Hackernoon logoEnabling Virtuals In Mongoose Lean Mode (in a FeathersJs service) by@melvinkcx2

Enabling Virtuals In Mongoose Lean Mode (in a FeathersJs service)

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@melvinkcx2Melvin Koh

Software Engineer. Pythonista, JavaScripter. Find me on Twitter @melvinkcx2 😁

Originally published at melvinkoh.me
I’ve had some hard time when
virtuals
wasn’t showing up. Without digging deep into Mongoose, I quickly turned
lean
mode off, crafting a new technical debt. After a while, I decided to spend some to look into this particular issue.

(optional) A Quick Primer

This section is also available in my another article.

What is Lean mode in Mongoose?

When lean mode is enabled, all queries return plain JavaScript objects instead of Mongoose Document. In this case, Mongoose will never have to instantiate Mongoose Document from plain JS object, apply magic methods, etc. Neglecting all these overhead in Lean mode, it makes perfect sense to have lean enabled by default.

What is Virtual?

Virtuals are attributes derived during query, which the values are not actually persisted in MongoDB. Since virtual is one of Mongoose magic attributes, it is disabled by default.

Using The Mongoose Plugin— mongoose-lean-virtual

Thanks to the community, I discovered the official plugin — 
mongoose-lean-virtuals
 , which supports virtuals which preserving the behavior of lean mode.
In this article, I will be focusing on how to apply
mongoose-lean-virtuals
in a typical Feathers.js Mongoose service (generated with feathers-cli).

Install mongoose-lean-virtual

First of all, install it:
npm install --save mongoose-lean-virtuals

Defining Model

Suppose we are creating a
user
service, we define our model as:
import mongooseLeanVirtuals from 'mongoose-lean-virtuals';

export default (app) => {
  const mongooseClient = app.get('mongooseClient');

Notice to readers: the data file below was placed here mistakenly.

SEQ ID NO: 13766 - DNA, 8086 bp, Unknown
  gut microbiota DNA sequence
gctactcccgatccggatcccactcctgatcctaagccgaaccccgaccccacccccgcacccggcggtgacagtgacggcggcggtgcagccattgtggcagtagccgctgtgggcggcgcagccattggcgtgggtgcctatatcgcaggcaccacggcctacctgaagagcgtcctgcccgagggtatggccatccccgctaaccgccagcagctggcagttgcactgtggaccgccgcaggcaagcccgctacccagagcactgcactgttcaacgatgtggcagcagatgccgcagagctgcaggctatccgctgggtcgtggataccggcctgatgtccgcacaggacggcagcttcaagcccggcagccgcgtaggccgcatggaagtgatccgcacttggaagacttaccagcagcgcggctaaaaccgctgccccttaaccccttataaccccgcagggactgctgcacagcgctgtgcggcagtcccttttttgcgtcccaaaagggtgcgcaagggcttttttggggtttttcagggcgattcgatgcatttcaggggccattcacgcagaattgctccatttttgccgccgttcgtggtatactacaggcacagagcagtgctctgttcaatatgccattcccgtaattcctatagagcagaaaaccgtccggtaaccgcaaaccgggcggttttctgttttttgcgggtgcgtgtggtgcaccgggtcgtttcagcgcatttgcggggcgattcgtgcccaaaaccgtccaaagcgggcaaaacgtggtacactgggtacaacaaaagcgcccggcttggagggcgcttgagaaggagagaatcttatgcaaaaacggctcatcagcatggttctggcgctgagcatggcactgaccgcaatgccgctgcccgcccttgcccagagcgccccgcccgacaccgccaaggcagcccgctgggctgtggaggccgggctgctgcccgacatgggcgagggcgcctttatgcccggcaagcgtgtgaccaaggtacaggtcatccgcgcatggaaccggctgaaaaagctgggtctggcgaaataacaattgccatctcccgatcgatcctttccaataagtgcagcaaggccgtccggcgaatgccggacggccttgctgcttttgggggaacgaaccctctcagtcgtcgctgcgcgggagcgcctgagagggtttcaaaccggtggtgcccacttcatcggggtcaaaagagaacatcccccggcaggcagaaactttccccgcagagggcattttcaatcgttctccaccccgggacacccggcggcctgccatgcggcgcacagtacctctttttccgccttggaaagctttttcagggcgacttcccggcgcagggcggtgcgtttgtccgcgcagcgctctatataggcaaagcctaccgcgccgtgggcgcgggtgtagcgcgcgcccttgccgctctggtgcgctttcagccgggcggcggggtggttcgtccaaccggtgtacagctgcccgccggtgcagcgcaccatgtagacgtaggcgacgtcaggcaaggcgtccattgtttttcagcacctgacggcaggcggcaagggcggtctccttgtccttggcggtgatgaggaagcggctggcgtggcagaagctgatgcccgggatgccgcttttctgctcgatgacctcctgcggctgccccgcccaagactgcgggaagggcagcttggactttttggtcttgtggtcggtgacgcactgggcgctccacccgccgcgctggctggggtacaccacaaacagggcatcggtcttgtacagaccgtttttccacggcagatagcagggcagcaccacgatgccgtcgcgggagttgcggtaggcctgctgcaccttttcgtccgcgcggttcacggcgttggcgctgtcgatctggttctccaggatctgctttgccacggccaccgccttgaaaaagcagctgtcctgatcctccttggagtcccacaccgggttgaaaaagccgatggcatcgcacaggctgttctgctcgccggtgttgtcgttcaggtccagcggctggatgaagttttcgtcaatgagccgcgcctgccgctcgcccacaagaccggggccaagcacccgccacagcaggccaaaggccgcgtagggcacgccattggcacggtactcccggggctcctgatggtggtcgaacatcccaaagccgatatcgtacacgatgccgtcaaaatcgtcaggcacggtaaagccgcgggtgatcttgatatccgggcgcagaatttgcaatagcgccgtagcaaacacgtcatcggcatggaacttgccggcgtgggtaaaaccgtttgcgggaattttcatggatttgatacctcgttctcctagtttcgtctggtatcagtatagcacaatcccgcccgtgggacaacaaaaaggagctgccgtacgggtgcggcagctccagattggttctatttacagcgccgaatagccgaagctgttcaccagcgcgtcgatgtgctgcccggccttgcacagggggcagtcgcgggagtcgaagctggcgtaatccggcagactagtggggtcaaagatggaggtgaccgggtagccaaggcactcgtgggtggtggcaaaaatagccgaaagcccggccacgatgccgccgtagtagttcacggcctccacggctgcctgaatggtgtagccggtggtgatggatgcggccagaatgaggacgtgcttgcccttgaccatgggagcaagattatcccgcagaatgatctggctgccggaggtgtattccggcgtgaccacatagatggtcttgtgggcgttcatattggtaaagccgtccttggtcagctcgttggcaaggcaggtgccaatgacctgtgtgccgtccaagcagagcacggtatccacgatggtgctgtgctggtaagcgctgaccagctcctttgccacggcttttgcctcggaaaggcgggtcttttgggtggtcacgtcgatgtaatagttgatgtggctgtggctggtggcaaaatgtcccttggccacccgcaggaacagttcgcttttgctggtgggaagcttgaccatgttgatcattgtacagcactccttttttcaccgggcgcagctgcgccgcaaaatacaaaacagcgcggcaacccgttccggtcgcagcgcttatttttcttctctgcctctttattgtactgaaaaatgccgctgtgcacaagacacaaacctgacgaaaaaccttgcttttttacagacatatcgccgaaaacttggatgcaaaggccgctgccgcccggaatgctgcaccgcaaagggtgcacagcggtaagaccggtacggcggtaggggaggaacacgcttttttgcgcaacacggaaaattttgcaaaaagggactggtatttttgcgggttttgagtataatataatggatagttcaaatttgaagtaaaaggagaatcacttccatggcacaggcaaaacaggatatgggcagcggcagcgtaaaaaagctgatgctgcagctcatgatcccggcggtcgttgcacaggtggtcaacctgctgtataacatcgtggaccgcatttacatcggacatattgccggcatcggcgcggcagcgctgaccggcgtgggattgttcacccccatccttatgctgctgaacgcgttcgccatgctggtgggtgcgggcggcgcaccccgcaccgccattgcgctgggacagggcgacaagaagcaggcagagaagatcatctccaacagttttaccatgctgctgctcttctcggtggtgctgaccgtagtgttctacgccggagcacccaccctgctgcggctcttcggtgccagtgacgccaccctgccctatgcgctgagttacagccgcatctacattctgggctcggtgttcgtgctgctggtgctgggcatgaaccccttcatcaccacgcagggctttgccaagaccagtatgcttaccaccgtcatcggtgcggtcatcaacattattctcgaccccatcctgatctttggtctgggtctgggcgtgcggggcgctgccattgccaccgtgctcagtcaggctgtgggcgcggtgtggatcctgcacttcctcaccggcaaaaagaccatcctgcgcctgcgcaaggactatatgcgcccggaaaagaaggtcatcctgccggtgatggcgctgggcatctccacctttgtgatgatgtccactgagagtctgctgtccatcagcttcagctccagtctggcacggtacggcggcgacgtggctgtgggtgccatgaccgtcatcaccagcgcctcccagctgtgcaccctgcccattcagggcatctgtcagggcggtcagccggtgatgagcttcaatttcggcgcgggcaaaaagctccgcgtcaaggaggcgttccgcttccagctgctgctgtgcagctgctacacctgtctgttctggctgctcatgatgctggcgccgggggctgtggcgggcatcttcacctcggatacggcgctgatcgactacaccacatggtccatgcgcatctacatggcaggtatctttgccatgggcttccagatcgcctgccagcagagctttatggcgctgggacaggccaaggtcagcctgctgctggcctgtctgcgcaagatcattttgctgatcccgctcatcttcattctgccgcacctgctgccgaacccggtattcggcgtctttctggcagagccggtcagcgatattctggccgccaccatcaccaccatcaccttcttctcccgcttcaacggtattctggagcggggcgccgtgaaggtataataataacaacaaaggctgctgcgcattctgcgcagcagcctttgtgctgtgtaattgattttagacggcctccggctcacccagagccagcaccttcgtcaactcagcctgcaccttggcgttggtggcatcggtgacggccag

const {Schema} = mongooseClient;
  const {ObjectId} = Schema.Types;

  const user = new Schema({
    // ...
  });

  // Define a virtual attribute `UID`
  user.virtual('uid').get(function () {
    return this._id;
  });

  user.set('toObject', { virtuals: true });    // add this
  user.set('toJSON', { virtuals: true });      // add this

  user.plugin(mongooseLeanVirtuals);           // add this

  return mongooseClient.model('user', user);
};
In our model, we defined a virtual
uid
to return the Object ID of our user document. Then, we set the properties
toObject
and
toJSON
to show virtuals. To apply
mongoose-lean-virtuals
, we also add in line 20.

Defining Service

In
user.service.js
, we add
{virtuals: true}
as the value of lean in our service options (line 11).
// user.service.js
import createService from 'feathers-mongoose';
// other imports...

export default (app) => {
  const Model = createModel(app);
  // ...

  const options = {
    Model,
    lean: {virtuals: true},     // add this line
  };

  const service = createService(options);

  // ...
};

Voila!

Try to consume your service, you should be able to see the virtuals now.
> Virtual is now available.

Performance Concern

According to Mongoose documentation, lean mode is enabled to enhance query performance. However, would applying
mongoose-lean-virtuals
affect the performance of our app?
I have done a simple profiling and have the results posted here. Feel free to check it out to understand the performance impact of
mongoose-lean-virtuals
.
If you find this article helpful, feel free to share it on Twitter!
Author profile picture

@melvinkcx2Melvin Koh

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Software Engineer. Pythonista, JavaScripter. Find me on Twitter @melvinkcx2 😁

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